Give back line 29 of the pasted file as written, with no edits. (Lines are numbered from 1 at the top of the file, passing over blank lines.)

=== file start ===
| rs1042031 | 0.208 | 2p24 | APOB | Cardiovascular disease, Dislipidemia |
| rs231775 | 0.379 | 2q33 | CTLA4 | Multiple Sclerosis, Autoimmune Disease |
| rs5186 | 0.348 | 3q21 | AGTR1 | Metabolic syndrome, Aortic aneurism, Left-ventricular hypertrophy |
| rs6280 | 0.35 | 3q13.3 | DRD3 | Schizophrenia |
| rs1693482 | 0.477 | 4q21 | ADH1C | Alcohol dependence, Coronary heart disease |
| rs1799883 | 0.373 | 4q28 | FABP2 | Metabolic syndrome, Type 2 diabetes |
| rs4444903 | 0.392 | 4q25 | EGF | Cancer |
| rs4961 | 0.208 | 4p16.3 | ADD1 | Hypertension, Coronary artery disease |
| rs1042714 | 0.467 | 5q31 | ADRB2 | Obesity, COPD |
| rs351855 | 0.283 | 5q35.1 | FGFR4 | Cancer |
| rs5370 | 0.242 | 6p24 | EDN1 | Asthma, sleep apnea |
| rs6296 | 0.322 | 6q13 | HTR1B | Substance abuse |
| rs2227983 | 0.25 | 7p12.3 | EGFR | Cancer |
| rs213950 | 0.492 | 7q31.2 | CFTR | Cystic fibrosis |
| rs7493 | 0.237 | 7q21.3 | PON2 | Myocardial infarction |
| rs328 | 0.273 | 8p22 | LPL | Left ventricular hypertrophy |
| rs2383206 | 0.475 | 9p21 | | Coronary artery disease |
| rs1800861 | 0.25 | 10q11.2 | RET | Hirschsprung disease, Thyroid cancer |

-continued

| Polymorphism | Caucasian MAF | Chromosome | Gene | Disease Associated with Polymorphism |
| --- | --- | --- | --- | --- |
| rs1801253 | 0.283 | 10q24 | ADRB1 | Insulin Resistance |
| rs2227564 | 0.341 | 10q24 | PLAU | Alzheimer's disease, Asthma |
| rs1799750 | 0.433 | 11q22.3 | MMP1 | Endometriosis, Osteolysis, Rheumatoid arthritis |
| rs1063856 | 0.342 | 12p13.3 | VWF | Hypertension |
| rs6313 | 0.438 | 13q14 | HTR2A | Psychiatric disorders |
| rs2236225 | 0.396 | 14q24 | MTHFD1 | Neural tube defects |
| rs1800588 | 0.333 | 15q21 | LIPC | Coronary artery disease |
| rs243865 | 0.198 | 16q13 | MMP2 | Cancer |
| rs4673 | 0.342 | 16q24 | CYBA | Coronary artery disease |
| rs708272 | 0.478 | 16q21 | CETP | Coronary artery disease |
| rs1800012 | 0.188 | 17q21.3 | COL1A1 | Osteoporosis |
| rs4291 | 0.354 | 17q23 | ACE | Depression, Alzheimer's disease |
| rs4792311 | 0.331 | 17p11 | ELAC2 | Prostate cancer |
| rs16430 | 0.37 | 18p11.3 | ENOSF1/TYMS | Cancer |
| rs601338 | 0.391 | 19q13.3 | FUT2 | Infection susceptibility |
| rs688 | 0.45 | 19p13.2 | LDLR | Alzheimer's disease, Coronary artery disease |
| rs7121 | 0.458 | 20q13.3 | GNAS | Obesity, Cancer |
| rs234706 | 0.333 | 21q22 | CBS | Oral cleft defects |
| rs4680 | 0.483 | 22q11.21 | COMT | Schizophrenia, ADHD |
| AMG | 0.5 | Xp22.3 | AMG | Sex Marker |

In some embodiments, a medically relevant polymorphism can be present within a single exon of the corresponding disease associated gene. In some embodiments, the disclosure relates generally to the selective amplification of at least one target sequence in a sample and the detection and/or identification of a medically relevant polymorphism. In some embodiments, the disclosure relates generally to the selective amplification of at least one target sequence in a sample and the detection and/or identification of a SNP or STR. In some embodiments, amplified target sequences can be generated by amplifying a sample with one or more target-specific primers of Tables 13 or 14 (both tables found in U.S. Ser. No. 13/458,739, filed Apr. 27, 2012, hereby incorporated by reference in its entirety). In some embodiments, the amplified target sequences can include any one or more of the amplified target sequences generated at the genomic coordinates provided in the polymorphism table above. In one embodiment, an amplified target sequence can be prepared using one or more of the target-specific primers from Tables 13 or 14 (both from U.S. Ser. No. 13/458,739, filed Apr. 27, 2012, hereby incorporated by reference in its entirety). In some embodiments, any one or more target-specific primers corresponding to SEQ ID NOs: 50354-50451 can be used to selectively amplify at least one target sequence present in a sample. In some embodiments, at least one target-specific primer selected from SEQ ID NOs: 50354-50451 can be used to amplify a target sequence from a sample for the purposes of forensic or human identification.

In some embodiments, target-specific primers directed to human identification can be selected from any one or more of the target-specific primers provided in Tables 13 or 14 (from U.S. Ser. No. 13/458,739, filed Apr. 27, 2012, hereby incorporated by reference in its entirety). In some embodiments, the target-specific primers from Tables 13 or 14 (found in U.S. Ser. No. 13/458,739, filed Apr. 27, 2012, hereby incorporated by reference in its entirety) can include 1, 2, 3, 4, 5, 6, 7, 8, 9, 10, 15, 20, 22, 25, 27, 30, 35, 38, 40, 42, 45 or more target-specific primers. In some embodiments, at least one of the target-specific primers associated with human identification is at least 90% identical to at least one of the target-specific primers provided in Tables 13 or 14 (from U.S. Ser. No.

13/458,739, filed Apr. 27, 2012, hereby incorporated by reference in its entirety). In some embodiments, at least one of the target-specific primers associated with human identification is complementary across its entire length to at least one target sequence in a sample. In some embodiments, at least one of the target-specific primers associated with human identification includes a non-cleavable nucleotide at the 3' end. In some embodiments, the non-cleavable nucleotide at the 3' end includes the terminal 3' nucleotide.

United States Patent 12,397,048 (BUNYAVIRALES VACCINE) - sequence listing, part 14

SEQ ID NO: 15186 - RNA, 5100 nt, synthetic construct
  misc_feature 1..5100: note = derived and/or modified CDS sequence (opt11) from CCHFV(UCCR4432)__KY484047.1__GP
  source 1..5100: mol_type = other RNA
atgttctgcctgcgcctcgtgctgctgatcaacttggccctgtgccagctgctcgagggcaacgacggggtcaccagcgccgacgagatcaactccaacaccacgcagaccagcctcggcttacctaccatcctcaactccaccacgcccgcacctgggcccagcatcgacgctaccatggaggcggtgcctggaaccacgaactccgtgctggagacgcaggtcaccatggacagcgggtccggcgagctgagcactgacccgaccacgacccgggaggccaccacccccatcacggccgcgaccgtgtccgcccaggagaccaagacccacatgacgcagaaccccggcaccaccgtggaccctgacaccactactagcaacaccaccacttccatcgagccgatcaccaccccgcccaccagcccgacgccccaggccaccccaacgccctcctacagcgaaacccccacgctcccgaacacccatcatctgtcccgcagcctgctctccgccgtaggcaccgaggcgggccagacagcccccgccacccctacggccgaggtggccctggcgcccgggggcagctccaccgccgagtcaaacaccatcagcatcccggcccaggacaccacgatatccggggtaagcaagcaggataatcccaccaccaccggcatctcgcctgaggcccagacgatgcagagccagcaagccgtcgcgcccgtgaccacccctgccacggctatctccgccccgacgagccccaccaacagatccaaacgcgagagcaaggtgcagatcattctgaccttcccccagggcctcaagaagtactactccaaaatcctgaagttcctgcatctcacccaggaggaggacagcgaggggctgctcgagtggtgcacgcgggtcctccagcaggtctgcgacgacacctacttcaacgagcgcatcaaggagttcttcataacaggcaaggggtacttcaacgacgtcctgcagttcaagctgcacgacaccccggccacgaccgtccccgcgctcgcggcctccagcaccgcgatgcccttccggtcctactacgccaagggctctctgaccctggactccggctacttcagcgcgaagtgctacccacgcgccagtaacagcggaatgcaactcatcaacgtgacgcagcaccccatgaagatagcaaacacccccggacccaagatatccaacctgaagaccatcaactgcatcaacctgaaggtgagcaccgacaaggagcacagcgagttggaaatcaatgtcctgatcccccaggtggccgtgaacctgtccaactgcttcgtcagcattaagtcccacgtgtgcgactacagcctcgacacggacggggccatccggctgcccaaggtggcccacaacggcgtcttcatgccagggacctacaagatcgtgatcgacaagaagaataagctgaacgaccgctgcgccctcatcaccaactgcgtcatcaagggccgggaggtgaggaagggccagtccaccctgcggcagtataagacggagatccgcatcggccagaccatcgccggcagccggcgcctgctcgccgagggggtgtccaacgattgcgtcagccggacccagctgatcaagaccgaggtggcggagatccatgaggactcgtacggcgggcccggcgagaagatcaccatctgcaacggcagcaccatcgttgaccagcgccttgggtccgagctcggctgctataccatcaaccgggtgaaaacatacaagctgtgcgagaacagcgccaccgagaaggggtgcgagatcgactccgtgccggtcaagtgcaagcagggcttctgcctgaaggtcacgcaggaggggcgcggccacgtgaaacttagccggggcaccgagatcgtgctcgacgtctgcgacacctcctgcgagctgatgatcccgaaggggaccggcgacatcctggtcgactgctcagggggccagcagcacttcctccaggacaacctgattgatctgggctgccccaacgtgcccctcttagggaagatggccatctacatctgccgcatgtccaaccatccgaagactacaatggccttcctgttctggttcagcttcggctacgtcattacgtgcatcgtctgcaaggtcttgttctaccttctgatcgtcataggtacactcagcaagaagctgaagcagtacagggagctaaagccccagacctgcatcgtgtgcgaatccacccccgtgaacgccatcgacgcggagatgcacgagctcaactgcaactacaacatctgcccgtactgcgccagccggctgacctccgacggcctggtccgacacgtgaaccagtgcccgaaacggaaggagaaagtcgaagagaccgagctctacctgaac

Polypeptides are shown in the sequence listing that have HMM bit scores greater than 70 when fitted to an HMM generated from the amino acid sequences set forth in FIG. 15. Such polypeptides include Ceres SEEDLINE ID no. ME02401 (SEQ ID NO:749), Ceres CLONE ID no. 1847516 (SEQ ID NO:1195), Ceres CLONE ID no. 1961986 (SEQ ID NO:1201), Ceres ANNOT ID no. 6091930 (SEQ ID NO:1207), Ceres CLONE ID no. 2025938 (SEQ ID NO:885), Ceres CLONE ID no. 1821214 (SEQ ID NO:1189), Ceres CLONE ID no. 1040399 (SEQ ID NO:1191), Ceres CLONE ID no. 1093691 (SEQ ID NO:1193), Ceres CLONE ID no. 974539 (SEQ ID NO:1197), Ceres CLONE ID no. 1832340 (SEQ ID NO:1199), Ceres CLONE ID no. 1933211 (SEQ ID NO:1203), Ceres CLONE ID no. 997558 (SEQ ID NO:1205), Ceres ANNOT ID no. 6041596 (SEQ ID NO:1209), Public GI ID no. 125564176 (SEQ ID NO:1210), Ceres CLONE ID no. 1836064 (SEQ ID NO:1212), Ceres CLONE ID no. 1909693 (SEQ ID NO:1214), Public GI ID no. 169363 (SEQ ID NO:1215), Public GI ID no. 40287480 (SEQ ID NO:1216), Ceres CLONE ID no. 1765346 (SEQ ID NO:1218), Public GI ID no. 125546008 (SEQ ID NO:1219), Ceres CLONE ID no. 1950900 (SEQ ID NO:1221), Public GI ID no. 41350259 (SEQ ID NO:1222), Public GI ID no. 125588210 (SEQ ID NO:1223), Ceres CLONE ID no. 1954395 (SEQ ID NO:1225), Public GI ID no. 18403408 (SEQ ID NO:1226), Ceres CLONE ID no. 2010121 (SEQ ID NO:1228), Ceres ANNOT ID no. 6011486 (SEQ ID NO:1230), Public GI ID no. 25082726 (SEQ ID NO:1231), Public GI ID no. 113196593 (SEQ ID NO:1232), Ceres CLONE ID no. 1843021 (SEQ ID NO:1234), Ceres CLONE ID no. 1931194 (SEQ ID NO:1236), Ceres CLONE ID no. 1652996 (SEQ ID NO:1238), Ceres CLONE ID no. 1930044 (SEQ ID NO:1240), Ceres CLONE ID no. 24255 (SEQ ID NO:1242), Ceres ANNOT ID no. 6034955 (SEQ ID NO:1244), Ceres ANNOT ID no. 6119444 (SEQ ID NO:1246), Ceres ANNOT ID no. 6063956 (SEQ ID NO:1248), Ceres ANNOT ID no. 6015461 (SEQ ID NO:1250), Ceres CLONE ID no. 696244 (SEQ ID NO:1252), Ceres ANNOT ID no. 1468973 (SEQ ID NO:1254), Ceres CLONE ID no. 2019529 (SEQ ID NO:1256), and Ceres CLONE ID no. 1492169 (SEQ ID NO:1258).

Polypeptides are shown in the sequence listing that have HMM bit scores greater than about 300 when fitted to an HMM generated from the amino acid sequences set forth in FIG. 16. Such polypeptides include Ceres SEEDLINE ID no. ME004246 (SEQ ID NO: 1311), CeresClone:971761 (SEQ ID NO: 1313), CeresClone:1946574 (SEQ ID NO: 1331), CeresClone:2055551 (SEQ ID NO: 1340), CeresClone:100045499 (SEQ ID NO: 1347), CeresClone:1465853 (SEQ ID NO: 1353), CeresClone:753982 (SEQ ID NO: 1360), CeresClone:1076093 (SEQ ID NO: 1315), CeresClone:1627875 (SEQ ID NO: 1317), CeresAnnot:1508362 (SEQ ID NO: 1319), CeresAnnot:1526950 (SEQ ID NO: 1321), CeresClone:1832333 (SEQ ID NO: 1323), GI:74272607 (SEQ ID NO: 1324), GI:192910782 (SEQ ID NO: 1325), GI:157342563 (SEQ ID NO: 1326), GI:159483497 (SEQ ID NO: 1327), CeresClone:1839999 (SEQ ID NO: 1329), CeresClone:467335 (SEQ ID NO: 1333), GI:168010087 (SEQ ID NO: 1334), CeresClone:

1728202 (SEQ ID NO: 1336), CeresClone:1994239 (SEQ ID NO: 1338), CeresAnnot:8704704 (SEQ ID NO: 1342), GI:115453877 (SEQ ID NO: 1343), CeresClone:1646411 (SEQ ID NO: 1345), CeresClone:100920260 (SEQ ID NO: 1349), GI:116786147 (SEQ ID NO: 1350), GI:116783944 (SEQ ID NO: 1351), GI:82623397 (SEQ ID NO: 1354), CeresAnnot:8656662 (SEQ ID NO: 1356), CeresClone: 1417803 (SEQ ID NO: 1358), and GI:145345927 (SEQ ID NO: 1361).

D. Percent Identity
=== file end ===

| rs243865 | 0.198 | 16q13 | MMP2 | Cancer |